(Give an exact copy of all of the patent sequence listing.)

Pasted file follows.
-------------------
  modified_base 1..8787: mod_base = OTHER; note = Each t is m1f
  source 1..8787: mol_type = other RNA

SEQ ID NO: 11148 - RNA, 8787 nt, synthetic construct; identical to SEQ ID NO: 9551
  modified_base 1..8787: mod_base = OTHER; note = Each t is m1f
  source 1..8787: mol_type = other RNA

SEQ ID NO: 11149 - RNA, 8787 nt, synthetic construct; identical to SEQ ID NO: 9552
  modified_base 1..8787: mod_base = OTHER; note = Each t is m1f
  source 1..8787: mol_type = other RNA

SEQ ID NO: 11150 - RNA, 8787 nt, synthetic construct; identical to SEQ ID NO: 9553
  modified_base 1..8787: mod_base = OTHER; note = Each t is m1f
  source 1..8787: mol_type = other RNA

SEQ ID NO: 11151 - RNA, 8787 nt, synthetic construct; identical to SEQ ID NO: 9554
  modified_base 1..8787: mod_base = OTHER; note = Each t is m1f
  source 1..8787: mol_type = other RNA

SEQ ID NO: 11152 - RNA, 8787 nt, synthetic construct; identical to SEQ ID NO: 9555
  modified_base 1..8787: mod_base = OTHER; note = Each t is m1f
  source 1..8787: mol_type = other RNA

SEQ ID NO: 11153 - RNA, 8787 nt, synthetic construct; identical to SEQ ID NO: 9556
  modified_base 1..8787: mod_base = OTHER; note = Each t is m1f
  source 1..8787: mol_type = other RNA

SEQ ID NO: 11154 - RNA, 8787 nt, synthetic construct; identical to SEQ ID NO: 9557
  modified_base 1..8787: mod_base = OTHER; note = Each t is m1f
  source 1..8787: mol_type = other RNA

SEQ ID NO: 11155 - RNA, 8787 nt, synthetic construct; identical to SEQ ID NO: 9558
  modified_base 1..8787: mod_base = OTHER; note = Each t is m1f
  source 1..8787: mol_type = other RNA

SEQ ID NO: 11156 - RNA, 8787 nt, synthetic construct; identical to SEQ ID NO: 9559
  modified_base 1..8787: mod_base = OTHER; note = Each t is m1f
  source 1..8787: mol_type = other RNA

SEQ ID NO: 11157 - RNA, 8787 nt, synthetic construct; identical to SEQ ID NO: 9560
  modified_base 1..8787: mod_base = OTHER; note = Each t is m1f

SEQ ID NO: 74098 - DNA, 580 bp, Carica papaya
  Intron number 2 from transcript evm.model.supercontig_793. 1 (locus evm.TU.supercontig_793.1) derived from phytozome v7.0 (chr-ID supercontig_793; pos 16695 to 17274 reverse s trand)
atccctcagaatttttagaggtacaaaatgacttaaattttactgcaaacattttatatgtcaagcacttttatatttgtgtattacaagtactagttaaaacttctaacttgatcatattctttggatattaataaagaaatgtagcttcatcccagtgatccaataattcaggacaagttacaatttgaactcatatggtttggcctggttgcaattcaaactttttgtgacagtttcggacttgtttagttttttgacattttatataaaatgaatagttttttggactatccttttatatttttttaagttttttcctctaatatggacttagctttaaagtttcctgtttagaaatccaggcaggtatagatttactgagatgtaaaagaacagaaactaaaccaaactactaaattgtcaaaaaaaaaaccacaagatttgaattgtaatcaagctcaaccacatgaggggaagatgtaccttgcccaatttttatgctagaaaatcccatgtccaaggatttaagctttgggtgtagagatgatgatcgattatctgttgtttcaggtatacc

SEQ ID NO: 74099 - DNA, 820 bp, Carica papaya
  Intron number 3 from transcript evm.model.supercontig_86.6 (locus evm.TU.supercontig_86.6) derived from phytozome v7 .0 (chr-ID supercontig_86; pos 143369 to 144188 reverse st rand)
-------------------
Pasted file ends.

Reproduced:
  modified_base 1..8787: mod_base = OTHER; note = Each t is m1f
  source 1..8787: mol_type = other RNA

SEQ ID NO: 11148 - RNA, 8787 nt, synthetic construct; identical to SEQ ID NO: 9551
  modified_base 1..8787: mod_base = OTHER; note = Each t is m1f
  source 1..8787: mol_type = other RNA

SEQ ID NO: 11149 - RNA, 8787 nt, synthetic construct; identical to SEQ ID NO: 9552
  modified_base 1..8787: mod_base = OTHER; note = Each t is m1f
  source 1..8787: mol_type = other RNA

SEQ ID NO: 11150 - RNA, 8787 nt, synthetic construct; identical to SEQ ID NO: 9553
  modified_base 1..8787: mod_base = OTHER; note = Each t is m1f
  source 1..8787: mol_type = other RNA

SEQ ID NO: 11151 - RNA, 8787 nt, synthetic construct; identical to SEQ ID NO: 9554
  modified_base 1..8787: mod_base = OTHER; note = Each t is m1f
  source 1..8787: mol_type = other RNA

SEQ ID NO: 11152 - RNA, 8787 nt, synthetic construct; identical to SEQ ID NO: 9555
  modified_base 1..8787: mod_base = OTHER; note = Each t is m1f
  source 1..8787: mol_type = other RNA

SEQ ID NO: 11153 - RNA, 8787 nt, synthetic construct; identical to SEQ ID NO: 9556
  modified_base 1..8787: mod_base = OTHER; note = Each t is m1f
  source 1..8787: mol_type = other RNA

SEQ ID NO: 11154 - RNA, 8787 nt, synthetic construct; identical to SEQ ID NO: 9557
  modified_base 1..8787: mod_base = OTHER; note = Each t is m1f
  source 1..8787: mol_type = other RNA

SEQ ID NO: 11155 - RNA, 8787 nt, synthetic construct; identical to SEQ ID NO: 9558
  modified_base 1..8787: mod_base = OTHER; note = Each t is m1f
  source 1..8787: mol_type = other RNA

SEQ ID NO: 11156 - RNA, 8787 nt, synthetic construct; identical to SEQ ID NO: 9559
  modified_base 1..8787: mod_base = OTHER; note = Each t is m1f
  source 1..8787: mol_type = other RNA

SEQ ID NO: 11157 - RNA, 8787 nt, synthetic construct; identical to SEQ ID NO: 9560
  modified_base 1..8787: mod_base = OTHER; note = Each t is m1f

SEQ ID NO: 74098 - DNA, 580 bp, Carica papaya
  Intron number 2 from transcript evm.model.supercontig_793. 1 (locus evm.TU.supercontig_793.1) derived from phytozome v7.0 (chr-ID supercontig_793; pos 16695 to 17274 reverse s trand)
atccctcagaatttttagaggtacaaaatgacttaaattttactgcaaacattttatatgtcaagcacttttatatttgtgtattacaagtactagttaaaacttctaacttgatcatattctttggatattaataaagaaatgtagcttcatcccagtgatccaataattcaggacaagttacaatttgaactcatatggtttggcctggttgcaattcaaactttttgtgacagtttcggacttgtttagttttttgacattttatataaaatgaatagttttttggactatccttttatatttttttaagttttttcctctaatatggacttagctttaaagtttcctgtttagaaatccaggcaggtatagatttactgagatgtaaaagaacagaaactaaaccaaactactaaattgtcaaaaaaaaaaccacaagatttgaattgtaatcaagctcaaccacatgaggggaagatgtaccttgcccaatttttatgctagaaaatcccatgtccaaggatttaagctttgggtgtagagatgatgatcgattatctgttgtttcaggtatacc

SEQ ID NO: 74099 - DNA, 820 bp, Carica papaya
  Intron number 3 from transcript evm.model.supercontig_86.6 (locus evm.TU.supercontig_86.6) derived from phytozome v7 .0 (chr-ID supercontig_86; pos 143369 to 144188 reverse st rand)